So what’s not to love? I love the greater story, the characters, the writing, and the subtle twist of humor woven throughout. Do I think that by reading I have exposed my brain to the forces of evil? Um, no. In fact, as pure fantasy goes, that theory is itself worthy of Rowling’s invention! The only thing that gives me pause is this: the imagery is of a variety with which I do not choose to strew my mind. It is dark, you cannot deny it. Blood and torture and brutality and sadism are elements heavily present. The very gothic nature of the story’s decor, both physical (skulls in the bookcase, shrunken heads in the hall) and figurative may appeal to the dark side of English humor, but not to mine. I am aware that there is a twist of horror in English stories for even the youngest of children–reread Little Red Riding Hood or The Three Little Pigs–but I knew when, at the end of the fourth book, Harry Potter and the Goblet of Fire, Rowling had entered a new area from which she never returns. Something was finally unleashed in her imagination that should at least have been taught to heel.

I have long known that I have a mind unusually sensitive to imagery, particularly that of the frightening variety. Most likely the majority of readers would not share this criticism. It is not perhaps everyone’s experience that sleep is difficult after one’s mind is painted with images of miserable half-dead corpses dragging people down to drown in dark lakes or innocent Muggle-borns banished summarily to die slowly in Azkaban, that place without hope or joy. It doesn’t matter, to a mind like mine, that these things are not real. They are real in Harry Potter’s world, which any reader of his adventures cannot help but enter.

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7 Responses to of J. K. Rowling: the Harry Potter series

  1. Susan says:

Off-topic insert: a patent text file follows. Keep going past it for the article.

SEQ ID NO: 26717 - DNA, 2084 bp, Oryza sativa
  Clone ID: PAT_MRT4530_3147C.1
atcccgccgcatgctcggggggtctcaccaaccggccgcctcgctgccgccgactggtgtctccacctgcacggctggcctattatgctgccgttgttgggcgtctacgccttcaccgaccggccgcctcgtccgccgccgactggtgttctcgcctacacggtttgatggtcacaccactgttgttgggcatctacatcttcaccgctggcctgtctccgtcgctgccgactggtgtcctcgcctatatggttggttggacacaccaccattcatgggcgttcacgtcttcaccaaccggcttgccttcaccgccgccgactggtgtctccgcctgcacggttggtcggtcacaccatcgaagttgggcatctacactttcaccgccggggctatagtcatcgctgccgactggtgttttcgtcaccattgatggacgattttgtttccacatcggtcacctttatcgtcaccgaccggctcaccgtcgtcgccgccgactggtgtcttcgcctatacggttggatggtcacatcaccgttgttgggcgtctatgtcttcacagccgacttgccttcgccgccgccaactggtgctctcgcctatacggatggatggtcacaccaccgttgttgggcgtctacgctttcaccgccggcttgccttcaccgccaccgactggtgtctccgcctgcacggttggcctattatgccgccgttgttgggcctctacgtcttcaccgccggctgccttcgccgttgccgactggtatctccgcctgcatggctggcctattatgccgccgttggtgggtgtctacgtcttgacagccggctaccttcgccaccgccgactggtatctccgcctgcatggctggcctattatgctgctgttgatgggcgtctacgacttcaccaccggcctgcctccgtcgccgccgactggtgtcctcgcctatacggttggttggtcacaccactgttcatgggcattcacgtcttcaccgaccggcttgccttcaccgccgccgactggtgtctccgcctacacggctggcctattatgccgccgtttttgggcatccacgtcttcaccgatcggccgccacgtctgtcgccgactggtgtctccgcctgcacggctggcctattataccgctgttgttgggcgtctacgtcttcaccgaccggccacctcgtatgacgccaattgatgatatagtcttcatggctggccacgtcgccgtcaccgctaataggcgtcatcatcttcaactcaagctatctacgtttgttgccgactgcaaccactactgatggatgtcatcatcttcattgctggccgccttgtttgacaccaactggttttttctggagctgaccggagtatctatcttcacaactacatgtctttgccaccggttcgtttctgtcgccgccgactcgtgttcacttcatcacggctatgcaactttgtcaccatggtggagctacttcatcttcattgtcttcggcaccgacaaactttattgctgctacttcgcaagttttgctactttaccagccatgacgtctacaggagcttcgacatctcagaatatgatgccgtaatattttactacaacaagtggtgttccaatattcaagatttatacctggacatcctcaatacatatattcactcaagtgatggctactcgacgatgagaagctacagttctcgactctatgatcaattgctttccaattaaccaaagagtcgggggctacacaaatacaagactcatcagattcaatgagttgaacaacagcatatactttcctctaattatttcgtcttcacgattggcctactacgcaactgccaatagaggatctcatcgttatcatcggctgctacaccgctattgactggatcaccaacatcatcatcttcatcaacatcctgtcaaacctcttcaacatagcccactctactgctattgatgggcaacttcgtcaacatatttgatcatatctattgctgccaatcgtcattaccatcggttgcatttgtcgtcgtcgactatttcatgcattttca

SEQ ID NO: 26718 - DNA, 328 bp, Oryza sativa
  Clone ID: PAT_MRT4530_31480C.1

Hello, I appreciate your thoughtful review of the HP books. The fact that the imagery had such an effect on you is testimony to Rowling’s excellent ability to tell a story. I read the books after moving here to Zurich – as I’m unemployed I have lots of time, and thoroughly enjoyed each one. Since the last 3 movies have come out, I have re-read the series each time. I’ve also had the privilege of attending a book club where one of the members is a dear friend of JKR; her insight into the process, and bits and bobs in the books has been delightful.

    I enjoy your blog very much, as one expat to another 🙂 Thanks for blogging!

    • betsy says:

      Thank you so much for sharing this comment, Susan, and for your encouragement! How fascinating to be a part of such a book club–I’m jealous. 🙂

  2. You are on quite the literary role here, Betsy! Your critical analyses put me to shame…I get dreadfully lazy when it comes to this step. I would jump at the chance to book club it with someone but the discipline of writing out my thoughts….well, I admire you. This is fun to see you post as I just started the Potter series last Friday and am waiting for the fourth installment at the library. I am enjoying them for what they are and will likely feel compelled to see the series through….but now I fear it will too cost me some sleep towards the end! I’m thinking to try the Cupboard series by N.D. Wilson after this – should be refreshing. Enjoy your writing so much.